Humane database errors in ActiveRecord

ActiveRecord doesn't really play well with database constraints and other builtin data consistency mechanisms.

It comes with its own mechanisms for ensuring consistency, but it can be coerced into using the mechanisms from the database as well.

Ensuring unique names in a users table

Imagine you've implemented an ActiveRecord model named User, with the following schema:

create_table "users", force: true do |t|
  t.string "name"
end

Names need to be unique across users, so you've also added a unique constrain on the name column:

add_index "users", ["name"], unique: true

This way we know we'll never get two rows with the same name value in the database:

>> User.create!(:name => "Bob")
=> #<User id: 1, name: "Bob">
>> User.create!(:name => "Bob")
ActiveRecord::RecordNotUnique: PG::UniqueViolation: ERROR:  duplicate key value violates unique constraint "index_users_on_name"
DETAIL:  Key (name)=(Bob) already exists.
: INSERT INTO "users" ("name") VALUES ($1) RETURNING "id"

Not the cleanest of results but pretty much as expected: We hit the unique constraint, the database refuses to store the data, and ActiveRecord raises an exception.

If this were to happen in a running Rails app, the end user would get a HTTP 500 error page, which is not the most user friendly of things.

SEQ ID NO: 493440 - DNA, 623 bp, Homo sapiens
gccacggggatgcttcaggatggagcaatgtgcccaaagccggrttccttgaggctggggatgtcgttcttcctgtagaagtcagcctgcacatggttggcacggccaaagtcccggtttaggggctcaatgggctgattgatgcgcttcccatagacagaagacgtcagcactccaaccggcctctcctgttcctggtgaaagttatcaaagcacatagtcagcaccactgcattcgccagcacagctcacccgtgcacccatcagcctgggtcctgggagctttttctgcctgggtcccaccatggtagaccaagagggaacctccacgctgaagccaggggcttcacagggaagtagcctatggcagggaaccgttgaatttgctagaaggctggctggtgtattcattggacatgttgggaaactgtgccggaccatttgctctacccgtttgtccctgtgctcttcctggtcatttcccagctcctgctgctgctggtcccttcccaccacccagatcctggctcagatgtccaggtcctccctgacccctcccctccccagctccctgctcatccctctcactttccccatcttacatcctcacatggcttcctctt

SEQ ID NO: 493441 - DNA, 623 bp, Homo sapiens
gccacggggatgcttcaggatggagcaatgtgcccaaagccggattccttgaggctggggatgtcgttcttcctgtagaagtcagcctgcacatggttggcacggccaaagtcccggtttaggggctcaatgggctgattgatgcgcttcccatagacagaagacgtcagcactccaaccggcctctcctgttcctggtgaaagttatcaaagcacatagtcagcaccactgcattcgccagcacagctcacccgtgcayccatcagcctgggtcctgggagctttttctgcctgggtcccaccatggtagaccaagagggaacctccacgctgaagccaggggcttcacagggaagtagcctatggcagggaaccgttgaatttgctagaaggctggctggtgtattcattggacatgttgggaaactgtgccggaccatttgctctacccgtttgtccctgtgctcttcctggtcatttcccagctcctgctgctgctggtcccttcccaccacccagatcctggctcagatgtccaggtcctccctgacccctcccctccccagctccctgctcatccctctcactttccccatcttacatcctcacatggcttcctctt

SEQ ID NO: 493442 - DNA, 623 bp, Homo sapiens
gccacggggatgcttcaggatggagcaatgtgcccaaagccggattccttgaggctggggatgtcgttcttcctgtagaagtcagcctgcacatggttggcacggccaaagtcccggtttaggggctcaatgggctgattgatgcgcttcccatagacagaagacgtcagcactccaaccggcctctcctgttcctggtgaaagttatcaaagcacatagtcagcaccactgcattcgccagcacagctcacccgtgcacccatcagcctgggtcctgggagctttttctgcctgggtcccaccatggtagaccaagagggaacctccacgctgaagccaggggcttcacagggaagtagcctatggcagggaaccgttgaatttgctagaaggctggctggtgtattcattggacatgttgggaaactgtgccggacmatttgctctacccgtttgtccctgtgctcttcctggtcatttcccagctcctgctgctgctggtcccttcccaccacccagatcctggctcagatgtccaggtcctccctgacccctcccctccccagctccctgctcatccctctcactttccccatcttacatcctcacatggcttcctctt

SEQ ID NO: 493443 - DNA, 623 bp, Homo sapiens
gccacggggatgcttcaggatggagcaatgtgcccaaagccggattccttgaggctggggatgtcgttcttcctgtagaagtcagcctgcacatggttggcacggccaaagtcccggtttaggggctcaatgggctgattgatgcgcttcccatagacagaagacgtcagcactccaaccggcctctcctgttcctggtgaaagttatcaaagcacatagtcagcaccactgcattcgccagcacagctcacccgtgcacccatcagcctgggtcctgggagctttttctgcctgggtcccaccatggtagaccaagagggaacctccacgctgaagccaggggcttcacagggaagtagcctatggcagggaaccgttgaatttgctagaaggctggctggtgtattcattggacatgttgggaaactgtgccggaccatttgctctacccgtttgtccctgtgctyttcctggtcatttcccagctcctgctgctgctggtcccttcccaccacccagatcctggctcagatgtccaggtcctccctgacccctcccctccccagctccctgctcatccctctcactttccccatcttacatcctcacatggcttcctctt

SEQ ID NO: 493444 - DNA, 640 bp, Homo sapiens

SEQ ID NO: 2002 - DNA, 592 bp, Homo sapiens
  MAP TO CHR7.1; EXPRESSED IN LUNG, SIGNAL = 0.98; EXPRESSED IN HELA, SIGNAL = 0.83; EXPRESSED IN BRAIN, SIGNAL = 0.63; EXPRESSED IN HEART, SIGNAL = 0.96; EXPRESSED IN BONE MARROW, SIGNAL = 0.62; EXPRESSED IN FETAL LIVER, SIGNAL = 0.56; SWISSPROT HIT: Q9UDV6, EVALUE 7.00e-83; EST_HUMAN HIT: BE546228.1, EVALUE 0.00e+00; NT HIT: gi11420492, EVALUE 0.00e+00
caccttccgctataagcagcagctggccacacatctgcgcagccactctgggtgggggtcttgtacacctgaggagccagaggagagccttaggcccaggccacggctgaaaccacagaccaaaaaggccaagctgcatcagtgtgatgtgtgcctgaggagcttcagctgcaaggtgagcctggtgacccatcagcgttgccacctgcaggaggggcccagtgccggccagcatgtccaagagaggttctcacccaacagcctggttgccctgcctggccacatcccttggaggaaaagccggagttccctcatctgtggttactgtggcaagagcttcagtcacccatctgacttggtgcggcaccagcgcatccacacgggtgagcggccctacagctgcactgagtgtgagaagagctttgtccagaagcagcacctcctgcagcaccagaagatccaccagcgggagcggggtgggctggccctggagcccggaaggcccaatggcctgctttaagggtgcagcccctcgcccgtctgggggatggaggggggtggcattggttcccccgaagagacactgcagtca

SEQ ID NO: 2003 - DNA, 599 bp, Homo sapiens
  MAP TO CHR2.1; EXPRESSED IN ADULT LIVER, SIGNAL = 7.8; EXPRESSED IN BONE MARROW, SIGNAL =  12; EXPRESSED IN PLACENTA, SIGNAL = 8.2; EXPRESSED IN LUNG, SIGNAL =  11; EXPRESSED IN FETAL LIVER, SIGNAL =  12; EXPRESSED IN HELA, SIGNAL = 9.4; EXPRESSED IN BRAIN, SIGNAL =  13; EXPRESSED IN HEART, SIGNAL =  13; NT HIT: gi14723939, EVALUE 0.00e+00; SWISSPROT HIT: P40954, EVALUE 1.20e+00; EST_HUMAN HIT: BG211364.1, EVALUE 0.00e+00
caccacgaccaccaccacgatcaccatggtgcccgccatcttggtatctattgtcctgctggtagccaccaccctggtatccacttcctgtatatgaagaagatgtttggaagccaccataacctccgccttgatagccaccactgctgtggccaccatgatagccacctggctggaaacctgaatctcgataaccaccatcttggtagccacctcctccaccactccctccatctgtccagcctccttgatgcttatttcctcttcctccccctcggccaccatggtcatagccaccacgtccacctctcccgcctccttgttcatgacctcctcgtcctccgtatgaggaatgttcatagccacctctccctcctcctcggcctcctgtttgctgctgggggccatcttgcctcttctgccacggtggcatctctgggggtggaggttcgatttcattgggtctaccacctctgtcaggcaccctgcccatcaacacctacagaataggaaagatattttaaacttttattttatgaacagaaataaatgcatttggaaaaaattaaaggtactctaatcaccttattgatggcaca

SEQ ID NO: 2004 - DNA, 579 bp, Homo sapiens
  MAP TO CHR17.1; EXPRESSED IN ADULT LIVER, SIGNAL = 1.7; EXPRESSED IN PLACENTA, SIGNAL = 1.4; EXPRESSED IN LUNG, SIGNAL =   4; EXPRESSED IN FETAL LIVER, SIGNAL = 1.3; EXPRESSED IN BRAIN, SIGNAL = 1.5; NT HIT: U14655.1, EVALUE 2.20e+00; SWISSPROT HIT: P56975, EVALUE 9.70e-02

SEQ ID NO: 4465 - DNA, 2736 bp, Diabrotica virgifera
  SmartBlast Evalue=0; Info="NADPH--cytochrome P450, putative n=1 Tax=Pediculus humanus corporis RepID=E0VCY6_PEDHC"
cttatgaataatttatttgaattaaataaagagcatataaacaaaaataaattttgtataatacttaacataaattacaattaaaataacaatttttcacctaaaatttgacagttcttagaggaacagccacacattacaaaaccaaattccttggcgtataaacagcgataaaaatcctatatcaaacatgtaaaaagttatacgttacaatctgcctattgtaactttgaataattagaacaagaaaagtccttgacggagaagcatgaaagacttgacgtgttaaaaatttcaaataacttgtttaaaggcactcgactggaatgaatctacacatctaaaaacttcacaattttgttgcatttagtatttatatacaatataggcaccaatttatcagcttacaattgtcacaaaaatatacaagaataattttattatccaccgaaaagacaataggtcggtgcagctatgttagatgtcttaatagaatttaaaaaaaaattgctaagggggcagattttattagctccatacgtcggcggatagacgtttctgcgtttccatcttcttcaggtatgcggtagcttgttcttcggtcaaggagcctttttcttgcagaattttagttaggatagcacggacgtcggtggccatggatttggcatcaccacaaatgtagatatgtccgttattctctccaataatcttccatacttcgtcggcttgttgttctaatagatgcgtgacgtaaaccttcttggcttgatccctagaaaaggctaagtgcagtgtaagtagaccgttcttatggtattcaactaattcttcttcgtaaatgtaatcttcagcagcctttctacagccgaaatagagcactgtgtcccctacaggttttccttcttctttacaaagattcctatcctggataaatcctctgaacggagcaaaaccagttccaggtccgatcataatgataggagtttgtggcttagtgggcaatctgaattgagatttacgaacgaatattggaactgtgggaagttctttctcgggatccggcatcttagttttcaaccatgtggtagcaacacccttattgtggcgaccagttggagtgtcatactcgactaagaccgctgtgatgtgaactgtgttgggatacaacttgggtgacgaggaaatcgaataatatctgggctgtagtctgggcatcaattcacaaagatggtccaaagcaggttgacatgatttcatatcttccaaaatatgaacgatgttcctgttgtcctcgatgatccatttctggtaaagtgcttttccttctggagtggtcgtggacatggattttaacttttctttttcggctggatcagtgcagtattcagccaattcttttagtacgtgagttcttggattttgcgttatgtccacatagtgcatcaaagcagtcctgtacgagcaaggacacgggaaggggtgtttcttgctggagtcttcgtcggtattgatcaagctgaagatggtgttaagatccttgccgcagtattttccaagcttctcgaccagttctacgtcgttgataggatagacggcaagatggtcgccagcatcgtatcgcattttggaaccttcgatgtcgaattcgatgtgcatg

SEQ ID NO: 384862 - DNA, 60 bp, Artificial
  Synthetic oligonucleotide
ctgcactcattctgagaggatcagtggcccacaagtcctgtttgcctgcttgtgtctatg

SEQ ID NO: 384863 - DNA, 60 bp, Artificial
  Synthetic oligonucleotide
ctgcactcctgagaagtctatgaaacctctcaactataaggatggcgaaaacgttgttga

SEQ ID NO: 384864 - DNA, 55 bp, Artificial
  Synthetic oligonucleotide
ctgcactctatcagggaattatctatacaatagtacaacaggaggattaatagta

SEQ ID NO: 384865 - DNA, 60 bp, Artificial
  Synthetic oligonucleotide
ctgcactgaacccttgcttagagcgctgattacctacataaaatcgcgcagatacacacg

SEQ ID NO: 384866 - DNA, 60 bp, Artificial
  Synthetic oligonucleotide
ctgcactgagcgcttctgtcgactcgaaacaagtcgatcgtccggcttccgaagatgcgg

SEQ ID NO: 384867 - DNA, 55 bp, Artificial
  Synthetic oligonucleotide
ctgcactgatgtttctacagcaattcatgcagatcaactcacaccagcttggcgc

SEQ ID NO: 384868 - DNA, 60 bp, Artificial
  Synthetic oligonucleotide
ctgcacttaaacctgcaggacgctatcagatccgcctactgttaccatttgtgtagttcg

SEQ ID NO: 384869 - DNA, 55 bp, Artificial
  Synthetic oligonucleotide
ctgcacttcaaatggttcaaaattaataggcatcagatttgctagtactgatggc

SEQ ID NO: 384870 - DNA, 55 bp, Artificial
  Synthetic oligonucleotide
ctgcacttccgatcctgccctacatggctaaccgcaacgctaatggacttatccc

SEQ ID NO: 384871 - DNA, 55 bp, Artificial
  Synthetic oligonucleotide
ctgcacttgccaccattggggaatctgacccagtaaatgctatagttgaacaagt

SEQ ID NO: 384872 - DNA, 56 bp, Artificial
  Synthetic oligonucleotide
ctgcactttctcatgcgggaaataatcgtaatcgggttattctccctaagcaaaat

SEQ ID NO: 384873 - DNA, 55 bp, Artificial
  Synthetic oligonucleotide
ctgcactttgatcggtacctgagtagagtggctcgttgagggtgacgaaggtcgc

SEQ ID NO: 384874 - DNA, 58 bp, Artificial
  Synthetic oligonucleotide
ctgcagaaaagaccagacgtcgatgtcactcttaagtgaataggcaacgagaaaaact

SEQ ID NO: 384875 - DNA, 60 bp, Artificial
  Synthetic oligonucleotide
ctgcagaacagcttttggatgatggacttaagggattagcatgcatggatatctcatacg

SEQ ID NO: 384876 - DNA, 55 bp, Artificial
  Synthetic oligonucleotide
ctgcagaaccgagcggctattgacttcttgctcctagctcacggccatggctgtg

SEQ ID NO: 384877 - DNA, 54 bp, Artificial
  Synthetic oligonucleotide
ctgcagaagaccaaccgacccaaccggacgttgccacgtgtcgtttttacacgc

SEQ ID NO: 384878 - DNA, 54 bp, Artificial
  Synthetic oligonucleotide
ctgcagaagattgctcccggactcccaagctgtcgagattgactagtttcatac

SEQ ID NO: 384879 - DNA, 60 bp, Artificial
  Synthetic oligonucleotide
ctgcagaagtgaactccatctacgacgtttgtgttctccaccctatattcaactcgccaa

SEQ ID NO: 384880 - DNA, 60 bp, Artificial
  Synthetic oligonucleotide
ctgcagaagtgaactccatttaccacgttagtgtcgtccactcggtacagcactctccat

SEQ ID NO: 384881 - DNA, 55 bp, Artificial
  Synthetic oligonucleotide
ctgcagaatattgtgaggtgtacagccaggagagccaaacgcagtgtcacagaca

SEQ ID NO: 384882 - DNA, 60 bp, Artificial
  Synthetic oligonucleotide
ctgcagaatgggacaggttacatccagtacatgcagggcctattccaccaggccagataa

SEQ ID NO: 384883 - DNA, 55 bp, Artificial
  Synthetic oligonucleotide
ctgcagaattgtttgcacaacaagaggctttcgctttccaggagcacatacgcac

Screenshot of server error in development mode

Validations

One way to work around this is to add a uniqueness validation of the name attribute: validates :name, :uniqueness => true. This is fine, gives the users readable (and localizable) error messages and work in by far the majority of cases.

If you can, by all means use the validation.

Rescuing database errors

But how do we handle those cases where the validation won't suffice and we don't want to show HTTP 500 error pages to our users?

If we create our save method, we can actually catch the database error before it bubbles up to the user interface and - hopefully - do something better with it:

class User < ActiveRecord::Base
  def save(*args)
    super
  rescue ActiveRecord::RecordNotUnique => error
    errors[:base] << error.message
    false
  end
end

Now, at least the user gets a clue as to what has happened, but perhaps not in the most user friendly fashion:

Screenshot of database error rendered as a validation error

You could naturally place any other message into the errors object if you so desire - for example one that makes more sense to normal people.